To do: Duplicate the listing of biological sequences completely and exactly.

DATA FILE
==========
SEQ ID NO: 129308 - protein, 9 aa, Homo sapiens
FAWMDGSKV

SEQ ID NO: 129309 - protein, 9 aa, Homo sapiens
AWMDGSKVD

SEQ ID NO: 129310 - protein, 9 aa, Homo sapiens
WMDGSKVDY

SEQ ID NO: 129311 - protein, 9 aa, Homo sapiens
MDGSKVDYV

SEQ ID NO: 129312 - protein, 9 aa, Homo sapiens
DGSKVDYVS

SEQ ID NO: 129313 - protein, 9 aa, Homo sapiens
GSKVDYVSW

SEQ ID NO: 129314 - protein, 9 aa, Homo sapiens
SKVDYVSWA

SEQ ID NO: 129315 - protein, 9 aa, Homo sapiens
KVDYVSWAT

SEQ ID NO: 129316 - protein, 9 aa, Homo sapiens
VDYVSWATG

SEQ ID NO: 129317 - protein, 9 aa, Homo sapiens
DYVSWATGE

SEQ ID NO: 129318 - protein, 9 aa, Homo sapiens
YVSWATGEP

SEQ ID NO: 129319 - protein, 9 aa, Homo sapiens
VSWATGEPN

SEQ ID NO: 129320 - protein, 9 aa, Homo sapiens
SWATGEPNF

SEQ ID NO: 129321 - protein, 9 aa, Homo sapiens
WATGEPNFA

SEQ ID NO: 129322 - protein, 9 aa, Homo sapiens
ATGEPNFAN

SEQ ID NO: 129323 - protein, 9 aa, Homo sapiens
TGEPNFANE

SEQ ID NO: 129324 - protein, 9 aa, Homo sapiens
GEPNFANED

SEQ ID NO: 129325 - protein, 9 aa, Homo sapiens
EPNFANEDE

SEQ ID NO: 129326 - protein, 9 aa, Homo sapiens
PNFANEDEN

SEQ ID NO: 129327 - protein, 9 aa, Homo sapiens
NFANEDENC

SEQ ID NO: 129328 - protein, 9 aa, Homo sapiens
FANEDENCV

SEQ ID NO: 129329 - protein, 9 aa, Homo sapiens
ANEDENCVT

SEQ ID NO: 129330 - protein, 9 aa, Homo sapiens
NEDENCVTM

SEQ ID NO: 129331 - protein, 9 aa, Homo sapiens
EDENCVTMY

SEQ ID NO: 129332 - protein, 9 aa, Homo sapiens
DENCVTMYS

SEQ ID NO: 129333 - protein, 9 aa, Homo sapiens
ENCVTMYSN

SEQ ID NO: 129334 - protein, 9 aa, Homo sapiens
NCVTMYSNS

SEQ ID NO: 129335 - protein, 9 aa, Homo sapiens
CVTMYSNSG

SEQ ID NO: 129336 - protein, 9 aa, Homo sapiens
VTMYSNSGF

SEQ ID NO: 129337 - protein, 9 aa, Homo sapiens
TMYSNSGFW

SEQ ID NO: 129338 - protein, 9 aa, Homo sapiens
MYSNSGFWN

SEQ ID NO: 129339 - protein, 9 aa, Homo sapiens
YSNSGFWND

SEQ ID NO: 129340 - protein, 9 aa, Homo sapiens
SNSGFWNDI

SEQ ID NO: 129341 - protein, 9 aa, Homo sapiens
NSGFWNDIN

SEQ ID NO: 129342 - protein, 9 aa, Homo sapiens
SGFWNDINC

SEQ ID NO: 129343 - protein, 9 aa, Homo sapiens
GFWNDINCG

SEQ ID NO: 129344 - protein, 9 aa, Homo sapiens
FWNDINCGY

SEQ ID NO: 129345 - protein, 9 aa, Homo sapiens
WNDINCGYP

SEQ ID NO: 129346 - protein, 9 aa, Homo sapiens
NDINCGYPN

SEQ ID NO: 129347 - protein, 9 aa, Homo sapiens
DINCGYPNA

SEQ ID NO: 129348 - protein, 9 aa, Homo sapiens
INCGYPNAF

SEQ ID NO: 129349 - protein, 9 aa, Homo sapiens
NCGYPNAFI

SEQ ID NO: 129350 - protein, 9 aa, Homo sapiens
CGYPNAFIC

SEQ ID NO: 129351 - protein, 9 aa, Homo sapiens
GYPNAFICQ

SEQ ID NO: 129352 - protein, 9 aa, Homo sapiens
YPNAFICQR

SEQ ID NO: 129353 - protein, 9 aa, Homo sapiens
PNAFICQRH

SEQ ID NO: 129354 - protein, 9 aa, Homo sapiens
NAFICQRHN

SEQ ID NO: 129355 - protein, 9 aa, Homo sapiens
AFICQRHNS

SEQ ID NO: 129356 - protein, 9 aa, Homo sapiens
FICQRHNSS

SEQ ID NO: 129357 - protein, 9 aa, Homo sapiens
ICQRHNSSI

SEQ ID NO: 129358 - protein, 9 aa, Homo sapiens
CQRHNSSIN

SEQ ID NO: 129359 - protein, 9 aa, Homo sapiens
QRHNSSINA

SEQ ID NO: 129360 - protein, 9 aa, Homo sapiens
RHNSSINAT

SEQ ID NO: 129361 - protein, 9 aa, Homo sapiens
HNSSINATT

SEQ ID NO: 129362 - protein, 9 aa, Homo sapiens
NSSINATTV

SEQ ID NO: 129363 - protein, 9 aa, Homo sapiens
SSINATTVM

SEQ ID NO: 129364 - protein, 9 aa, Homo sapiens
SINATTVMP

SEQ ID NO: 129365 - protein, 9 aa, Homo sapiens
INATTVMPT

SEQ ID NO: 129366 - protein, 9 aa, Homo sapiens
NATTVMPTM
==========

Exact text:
SEQ ID NO: 129308 - protein, 9 aa, Homo sapiens
FAWMDGSKV

SEQ ID NO: 129309 - protein, 9 aa, Homo sapiens
AWMDGSKVD

SEQ ID NO: 129310 - protein, 9 aa, Homo sapiens
WMDGSKVDY

SEQ ID NO: 129311 - protein, 9 aa, Homo sapiens
MDGSKVDYV

SEQ ID NO: 129312 - protein, 9 aa, Homo sapiens
DGSKVDYVS

SEQ ID NO: 129313 - protein, 9 aa, Homo sapiens
GSKVDYVSW

SEQ ID NO: 129314 - protein, 9 aa, Homo sapiens
SKVDYVSWA

SEQ ID NO: 129315 - protein, 9 aa, Homo sapiens
KVDYVSWAT

SEQ ID NO: 129316 - protein, 9 aa, Homo sapiens
VDYVSWATG

SEQ ID NO: 129317 - protein, 9 aa, Homo sapiens
DYVSWATGE

SEQ ID NO: 129318 - protein, 9 aa, Homo sapiens
YVSWATGEP

SEQ ID NO: 129319 - protein, 9 aa, Homo sapiens
VSWATGEPN

SEQ ID NO: 129320 - protein, 9 aa, Homo sapiens
SWATGEPNF

SEQ ID NO: 129321 - protein, 9 aa, Homo sapiens
WATGEPNFA

SEQ ID NO: 129322 - protein, 9 aa, Homo sapiens
ATGEPNFAN

SEQ ID NO: 129323 - protein, 9 aa, Homo sapiens
TGEPNFANE

SEQ ID NO: 129324 - protein, 9 aa, Homo sapiens
GEPNFANED

SEQ ID NO: 129325 - protein, 9 aa, Homo sapiens
EPNFANEDE

SEQ ID NO: 129326 - protein, 9 aa, Homo sapiens
PNFANEDEN

SEQ ID NO: 129327 - protein, 9 aa, Homo sapiens
NFANEDENC

SEQ ID NO: 129328 - protein, 9 aa, Homo sapiens
FANEDENCV

SEQ ID NO: 129329 - protein, 9 aa, Homo sapiens
ANEDENCVT

SEQ ID NO: 129330 - protein, 9 aa, Homo sapiens
NEDENCVTM

SEQ ID NO: 129331 - protein, 9 aa, Homo sapiens
EDENCVTMY

SEQ ID NO: 129332 - protein, 9 aa, Homo sapiens
DENCVTMYS

SEQ ID NO: 129333 - protein, 9 aa, Homo sapiens
ENCVTMYSN

SEQ ID NO: 129334 - protein, 9 aa, Homo sapiens
NCVTMYSNS

SEQ ID NO: 129335 - protein, 9 aa, Homo sapiens
CVTMYSNSG

SEQ ID NO: 129336 - protein, 9 aa, Homo sapiens
VTMYSNSGF

SEQ ID NO: 129337 - protein, 9 aa, Homo sapiens
TMYSNSGFW

SEQ ID NO: 129338 - protein, 9 aa, Homo sapiens
MYSNSGFWN

SEQ ID NO: 129339 - protein, 9 aa, Homo sapiens
YSNSGFWND

SEQ ID NO: 129340 - protein, 9 aa, Homo sapiens
SNSGFWNDI

SEQ ID NO: 129341 - protein, 9 aa, Homo sapiens
NSGFWNDIN

SEQ ID NO: 129342 - protein, 9 aa, Homo sapiens
SGFWNDINC

SEQ ID NO: 129343 - protein, 9 aa, Homo sapiens
GFWNDINCG

SEQ ID NO: 129344 - protein, 9 aa, Homo sapiens
FWNDINCGY

SEQ ID NO: 129345 - protein, 9 aa, Homo sapiens
WNDINCGYP

SEQ ID NO: 129346 - protein, 9 aa, Homo sapiens
NDINCGYPN

SEQ ID NO: 129347 - protein, 9 aa, Homo sapiens
DINCGYPNA

SEQ ID NO: 129348 - protein, 9 aa, Homo sapiens
INCGYPNAF

SEQ ID NO: 129349 - protein, 9 aa, Homo sapiens
NCGYPNAFI

SEQ ID NO: 129350 - protein, 9 aa, Homo sapiens
CGYPNAFIC

SEQ ID NO: 129351 - protein, 9 aa, Homo sapiens
GYPNAFICQ

SEQ ID NO: 129352 - protein, 9 aa, Homo sapiens
YPNAFICQR

SEQ ID NO: 129353 - protein, 9 aa, Homo sapiens
PNAFICQRH

SEQ ID NO: 129354 - protein, 9 aa, Homo sapiens
NAFICQRHN

SEQ ID NO: 129355 - protein, 9 aa, Homo sapiens
AFICQRHNS

SEQ ID NO: 129356 - protein, 9 aa, Homo sapiens
FICQRHNSS

SEQ ID NO: 129357 - protein, 9 aa, Homo sapiens
ICQRHNSSI

SEQ ID NO: 129358 - protein, 9 aa, Homo sapiens
CQRHNSSIN

SEQ ID NO: 129359 - protein, 9 aa, Homo sapiens
QRHNSSINA

SEQ ID NO: 129360 - protein, 9 aa, Homo sapiens
RHNSSINAT

SEQ ID NO: 129361 - protein, 9 aa, Homo sapiens
HNSSINATT

SEQ ID NO: 129362 - protein, 9 aa, Homo sapiens
NSSINATTV

SEQ ID NO: 129363 - protein, 9 aa, Homo sapiens
SSINATTVM

SEQ ID NO: 129364 - protein, 9 aa, Homo sapiens
SINATTVMP

SEQ ID NO: 129365 - protein, 9 aa, Homo sapiens
INATTVMPT

SEQ ID NO: 129366 - protein, 9 aa, Homo sapiens
NATTVMPTM